Hampshire & Isle of Wight

Lord Nelson's HMS Victory 'collapsing' under own weight

HMS Victory
Image caption The ship's structure has been "racking backwards" at a rate of 0.5cm each year, experts said

Lord Nelson's flagship HMS Victory is slowly collapsing under its own weight, restoration experts have warned.

The ship, which featured in the Battle of Trafalgar in 1805, is undergoing a 13-year, £35m conservation project.

Measurements taken over 40 years show the structure in Portsmouth Historic Dockyard is slowly bulging outwards. It is also suffering from water damage.

More than 130 metal supports are due to be fitted in the vessel's dry dock to stop the structure from buckling.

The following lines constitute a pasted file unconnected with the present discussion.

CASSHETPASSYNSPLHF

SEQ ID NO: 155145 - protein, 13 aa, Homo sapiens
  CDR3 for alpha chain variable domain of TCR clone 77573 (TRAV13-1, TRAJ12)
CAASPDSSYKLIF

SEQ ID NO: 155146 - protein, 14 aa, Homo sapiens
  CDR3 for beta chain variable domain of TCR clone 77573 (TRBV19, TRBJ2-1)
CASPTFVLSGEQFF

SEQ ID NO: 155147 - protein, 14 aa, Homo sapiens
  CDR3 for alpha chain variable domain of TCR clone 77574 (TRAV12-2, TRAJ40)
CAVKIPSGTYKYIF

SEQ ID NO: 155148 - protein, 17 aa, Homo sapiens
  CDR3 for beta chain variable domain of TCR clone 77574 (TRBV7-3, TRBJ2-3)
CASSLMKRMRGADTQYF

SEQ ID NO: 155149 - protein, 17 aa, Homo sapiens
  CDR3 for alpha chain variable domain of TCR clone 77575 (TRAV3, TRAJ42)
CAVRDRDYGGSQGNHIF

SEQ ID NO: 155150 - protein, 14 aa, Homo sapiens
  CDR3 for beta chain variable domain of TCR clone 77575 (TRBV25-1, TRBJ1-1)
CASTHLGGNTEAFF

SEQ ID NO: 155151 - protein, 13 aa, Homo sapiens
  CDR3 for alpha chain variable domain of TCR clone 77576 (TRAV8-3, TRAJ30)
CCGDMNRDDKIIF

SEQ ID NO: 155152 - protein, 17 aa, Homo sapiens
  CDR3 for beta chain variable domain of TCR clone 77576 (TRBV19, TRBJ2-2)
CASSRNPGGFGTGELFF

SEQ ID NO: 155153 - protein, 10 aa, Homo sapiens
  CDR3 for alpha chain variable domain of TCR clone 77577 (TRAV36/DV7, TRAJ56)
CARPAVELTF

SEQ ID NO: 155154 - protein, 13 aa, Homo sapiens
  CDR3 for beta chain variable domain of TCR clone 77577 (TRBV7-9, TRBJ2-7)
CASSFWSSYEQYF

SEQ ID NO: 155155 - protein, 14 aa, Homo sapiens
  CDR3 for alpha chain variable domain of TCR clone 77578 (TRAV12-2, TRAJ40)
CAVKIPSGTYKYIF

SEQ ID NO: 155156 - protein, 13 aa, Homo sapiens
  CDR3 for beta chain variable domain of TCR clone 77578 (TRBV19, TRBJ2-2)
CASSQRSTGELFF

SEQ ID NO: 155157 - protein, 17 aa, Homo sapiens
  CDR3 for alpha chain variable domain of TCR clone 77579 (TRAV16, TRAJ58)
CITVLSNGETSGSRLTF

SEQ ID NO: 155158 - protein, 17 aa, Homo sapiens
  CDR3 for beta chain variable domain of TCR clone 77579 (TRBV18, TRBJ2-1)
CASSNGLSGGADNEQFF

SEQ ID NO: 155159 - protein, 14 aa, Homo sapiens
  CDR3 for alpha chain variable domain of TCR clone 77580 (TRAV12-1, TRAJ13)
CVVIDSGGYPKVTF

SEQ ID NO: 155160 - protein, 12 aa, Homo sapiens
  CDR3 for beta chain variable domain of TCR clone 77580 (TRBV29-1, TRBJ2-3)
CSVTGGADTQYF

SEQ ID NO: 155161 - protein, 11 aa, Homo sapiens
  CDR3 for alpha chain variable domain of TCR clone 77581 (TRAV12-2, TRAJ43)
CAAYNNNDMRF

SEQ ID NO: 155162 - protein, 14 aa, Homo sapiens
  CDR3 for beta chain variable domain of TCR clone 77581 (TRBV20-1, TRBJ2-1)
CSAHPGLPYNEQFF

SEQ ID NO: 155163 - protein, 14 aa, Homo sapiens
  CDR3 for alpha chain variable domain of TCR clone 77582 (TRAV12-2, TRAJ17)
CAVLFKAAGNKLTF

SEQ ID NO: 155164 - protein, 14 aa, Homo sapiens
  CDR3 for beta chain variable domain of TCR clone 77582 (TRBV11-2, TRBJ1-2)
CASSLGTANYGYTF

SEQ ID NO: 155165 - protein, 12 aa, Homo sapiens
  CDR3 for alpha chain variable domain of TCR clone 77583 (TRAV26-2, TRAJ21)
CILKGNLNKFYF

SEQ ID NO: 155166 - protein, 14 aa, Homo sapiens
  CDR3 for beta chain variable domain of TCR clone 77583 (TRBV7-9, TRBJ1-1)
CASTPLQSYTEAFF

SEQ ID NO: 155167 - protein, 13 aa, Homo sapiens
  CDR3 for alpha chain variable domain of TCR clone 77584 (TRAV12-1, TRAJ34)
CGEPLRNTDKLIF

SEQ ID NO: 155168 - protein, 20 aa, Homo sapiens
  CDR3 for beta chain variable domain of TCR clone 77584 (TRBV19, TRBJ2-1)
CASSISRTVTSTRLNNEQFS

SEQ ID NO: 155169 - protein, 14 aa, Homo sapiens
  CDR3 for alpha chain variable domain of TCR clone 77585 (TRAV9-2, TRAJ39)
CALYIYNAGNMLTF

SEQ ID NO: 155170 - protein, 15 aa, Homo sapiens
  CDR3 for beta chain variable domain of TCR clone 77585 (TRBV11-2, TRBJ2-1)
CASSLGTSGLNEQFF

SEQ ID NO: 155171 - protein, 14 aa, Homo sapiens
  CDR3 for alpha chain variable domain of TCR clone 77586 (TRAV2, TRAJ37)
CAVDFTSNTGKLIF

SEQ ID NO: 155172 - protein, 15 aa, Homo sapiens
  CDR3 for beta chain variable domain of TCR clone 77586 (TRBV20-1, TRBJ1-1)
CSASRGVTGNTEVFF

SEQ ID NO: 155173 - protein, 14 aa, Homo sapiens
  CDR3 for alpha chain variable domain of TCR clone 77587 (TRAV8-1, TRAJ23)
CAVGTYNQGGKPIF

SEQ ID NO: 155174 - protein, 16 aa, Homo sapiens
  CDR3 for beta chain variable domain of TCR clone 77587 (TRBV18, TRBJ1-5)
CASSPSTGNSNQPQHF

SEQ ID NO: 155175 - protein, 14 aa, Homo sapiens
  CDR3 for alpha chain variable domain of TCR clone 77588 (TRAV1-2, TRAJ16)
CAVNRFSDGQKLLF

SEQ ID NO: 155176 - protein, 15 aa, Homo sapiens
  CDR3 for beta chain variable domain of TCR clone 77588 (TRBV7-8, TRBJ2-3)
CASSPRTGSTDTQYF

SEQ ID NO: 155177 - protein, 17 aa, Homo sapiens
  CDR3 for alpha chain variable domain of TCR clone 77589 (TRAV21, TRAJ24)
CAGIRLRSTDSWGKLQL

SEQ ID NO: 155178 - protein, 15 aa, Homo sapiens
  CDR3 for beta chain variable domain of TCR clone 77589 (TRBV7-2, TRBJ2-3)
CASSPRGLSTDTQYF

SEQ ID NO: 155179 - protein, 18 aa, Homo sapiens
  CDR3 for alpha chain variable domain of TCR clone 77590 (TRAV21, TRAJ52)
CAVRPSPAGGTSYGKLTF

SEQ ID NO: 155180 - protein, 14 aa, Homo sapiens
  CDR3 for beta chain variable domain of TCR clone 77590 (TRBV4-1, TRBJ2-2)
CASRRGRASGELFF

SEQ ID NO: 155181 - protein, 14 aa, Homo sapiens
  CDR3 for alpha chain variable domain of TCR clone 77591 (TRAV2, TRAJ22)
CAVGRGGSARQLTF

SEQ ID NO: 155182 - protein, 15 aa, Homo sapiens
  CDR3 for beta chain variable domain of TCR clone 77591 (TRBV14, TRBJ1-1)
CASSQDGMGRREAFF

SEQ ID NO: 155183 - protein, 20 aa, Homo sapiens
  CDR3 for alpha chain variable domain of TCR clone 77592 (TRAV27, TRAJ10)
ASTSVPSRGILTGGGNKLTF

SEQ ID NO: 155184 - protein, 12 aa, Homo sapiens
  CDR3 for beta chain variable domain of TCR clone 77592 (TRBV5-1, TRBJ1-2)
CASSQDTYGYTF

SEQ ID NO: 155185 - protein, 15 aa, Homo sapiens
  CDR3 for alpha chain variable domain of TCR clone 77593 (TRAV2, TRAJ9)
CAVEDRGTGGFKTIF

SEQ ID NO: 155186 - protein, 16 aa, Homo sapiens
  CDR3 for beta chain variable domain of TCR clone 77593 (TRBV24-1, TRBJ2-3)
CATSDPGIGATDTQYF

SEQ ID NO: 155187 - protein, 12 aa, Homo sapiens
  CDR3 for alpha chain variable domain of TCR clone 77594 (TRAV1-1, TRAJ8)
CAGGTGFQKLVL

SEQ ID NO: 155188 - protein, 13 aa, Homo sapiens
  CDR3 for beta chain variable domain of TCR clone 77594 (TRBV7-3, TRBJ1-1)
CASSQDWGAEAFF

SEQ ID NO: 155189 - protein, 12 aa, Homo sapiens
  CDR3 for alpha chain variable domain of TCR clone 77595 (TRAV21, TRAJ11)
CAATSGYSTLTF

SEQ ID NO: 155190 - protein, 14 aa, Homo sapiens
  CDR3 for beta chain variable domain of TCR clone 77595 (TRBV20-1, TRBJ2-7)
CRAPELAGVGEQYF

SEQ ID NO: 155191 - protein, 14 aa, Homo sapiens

'Falling away'

Andrew Baines, head of historic ships at the National Museum of the Royal Navy, insisted the ship could "absolutely be saved".

"As the upper deck moves down, the ship's sides bulge out. She's falling very slowly away from the bows at the front end of the ship," he said.

A 3D scan of the ship had helped experts "understand what had been causing the ship to collapse" and 136 metal props would be inserted to stop the problem, Mr Baines said.

"The most important thing is to work on the ship's structure to stop us losing any valuable historic material in the ship," he added.

Image caption Metal supports are being installed in HMS Victory's dry dock

HMS Victory was first floated out from Chatham in 1765. Lord Nelson was injured during the Battle of Trafalgar in 1805 and later died aboard the vessel.

Visitors are still able to access the ship and Lord Nelson's cabin was recently opened as part of the renovation project.

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